Captive insurance is a device used by some small businesses in Ohio to provide a form of self-insurance. The "captive" insurance company is a captive of the entity it insures. For instance, a factory or manufacturing plant may create a captive insurer to protect it from certain types of risk that may be more expensive in the traditional insurance market or altogether unavailable.
These are "real" insurance companies, and are subject to all of the regulatory rules that any other insurer must follow, including capital, reserve and tax requirements. The advantage to the parent entity is that it controls much of what the captive does and how it invests the premiums of the parent. As the value of the captive increases, the amount of protection it can offer to the parent also increases.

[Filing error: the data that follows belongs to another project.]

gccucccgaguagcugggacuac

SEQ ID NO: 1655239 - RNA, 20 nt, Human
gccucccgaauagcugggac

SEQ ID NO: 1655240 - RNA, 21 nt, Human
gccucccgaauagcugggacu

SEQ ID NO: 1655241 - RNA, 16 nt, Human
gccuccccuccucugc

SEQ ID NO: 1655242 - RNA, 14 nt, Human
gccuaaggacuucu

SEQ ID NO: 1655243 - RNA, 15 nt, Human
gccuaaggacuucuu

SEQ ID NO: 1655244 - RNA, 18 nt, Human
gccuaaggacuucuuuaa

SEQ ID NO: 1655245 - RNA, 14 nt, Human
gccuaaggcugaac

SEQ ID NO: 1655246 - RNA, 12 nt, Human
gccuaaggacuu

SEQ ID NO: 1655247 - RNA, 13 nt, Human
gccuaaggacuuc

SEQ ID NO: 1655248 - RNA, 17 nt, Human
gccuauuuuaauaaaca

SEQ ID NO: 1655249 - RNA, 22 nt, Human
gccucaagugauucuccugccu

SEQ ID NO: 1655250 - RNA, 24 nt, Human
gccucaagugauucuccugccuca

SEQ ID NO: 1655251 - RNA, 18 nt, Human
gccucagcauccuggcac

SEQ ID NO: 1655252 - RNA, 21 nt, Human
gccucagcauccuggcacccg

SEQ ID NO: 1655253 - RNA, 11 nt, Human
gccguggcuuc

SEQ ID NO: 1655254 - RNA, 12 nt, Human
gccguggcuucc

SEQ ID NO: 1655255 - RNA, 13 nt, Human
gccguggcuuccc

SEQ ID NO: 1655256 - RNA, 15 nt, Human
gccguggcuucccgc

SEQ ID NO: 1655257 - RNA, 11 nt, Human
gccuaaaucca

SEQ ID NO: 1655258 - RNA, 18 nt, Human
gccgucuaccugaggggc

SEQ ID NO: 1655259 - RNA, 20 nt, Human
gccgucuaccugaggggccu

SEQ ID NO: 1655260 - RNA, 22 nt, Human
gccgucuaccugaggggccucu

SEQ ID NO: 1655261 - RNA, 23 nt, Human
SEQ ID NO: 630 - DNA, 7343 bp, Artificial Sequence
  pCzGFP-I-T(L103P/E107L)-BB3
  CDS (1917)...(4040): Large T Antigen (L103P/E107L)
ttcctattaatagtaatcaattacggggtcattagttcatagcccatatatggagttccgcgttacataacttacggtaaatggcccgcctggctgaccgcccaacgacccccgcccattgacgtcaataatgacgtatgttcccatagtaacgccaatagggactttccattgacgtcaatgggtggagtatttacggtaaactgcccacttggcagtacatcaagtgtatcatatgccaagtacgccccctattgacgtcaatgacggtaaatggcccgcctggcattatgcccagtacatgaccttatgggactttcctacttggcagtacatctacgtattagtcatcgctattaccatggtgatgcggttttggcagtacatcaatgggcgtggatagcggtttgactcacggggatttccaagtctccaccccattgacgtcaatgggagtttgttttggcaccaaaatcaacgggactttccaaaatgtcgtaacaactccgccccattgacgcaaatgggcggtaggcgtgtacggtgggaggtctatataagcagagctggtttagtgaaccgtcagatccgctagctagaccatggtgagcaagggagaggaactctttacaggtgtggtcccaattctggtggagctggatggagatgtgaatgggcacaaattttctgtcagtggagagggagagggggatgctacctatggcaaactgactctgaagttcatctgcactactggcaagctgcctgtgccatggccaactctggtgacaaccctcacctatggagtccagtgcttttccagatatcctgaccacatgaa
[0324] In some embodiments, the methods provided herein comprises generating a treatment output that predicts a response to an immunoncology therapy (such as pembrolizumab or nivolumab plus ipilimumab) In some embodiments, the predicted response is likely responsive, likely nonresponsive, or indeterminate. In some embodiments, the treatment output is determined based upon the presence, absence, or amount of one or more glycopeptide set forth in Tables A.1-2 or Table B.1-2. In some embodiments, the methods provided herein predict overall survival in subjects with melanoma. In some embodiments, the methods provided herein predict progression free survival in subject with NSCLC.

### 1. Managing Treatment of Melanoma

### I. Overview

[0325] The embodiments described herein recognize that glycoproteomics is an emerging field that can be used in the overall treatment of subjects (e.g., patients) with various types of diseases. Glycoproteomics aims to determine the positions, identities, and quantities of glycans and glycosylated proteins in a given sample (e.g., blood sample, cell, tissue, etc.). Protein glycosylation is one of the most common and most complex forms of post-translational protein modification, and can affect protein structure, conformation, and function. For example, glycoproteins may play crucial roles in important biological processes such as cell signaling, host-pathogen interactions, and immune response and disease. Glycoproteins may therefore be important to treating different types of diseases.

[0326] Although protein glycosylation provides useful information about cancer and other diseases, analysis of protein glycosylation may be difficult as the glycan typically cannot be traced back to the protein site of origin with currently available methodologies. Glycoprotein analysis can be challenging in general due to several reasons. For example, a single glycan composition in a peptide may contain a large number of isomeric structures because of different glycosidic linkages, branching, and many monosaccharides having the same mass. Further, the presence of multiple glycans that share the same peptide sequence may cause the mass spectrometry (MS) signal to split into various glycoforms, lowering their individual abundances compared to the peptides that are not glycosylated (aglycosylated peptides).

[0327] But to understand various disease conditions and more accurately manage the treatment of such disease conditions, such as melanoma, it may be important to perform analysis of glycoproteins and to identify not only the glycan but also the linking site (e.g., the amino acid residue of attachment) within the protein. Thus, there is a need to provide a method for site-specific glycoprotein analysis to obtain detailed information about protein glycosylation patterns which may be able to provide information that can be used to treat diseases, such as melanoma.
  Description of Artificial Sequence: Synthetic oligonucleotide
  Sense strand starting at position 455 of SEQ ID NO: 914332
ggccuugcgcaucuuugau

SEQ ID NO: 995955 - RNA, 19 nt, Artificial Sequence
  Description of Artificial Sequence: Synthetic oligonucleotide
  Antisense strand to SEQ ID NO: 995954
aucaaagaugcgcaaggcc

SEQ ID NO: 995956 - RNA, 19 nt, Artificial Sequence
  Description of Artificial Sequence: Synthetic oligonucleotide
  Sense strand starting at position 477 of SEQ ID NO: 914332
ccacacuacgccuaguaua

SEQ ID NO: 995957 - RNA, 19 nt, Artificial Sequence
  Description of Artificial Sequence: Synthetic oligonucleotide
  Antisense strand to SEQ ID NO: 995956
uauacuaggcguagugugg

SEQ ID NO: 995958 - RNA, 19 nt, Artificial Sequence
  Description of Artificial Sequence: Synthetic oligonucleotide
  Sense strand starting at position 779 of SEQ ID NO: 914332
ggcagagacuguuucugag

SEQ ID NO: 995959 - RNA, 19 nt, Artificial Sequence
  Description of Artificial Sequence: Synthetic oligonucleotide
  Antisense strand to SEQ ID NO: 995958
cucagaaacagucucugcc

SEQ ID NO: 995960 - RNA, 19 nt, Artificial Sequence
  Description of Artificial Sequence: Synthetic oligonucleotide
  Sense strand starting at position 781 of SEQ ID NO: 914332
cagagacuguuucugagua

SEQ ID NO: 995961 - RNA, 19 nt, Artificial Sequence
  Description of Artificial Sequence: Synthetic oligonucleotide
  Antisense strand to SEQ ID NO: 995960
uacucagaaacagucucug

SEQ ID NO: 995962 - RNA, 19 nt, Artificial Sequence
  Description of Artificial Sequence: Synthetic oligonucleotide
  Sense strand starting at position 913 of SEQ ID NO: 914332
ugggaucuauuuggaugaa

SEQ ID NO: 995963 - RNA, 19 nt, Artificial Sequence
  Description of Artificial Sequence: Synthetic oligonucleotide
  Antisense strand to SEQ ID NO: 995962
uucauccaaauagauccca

However, some features of a captive insurer can be attractive from the perspective of estate planning and minimization of taxes. This has resulted in captive insurance landing on the IRS's Dirty Dozen issues of abusive tax scams.
The Service has recently issued new regulations related to Section 831(b) of the Internal Revenue Code. The regulations are designed to prevent excessive premiums from being paid for protection from unlikely risks. The premiums may be structured to offset the income of the business, resulting in no income tax, while promoters earn significant fees and may provide defective underwriting support for the coverage.
The newly issued regulations do not resolve all questions related to this matter and there is a pending case in the U.S. Supreme Court that could prompt further changes on this issue.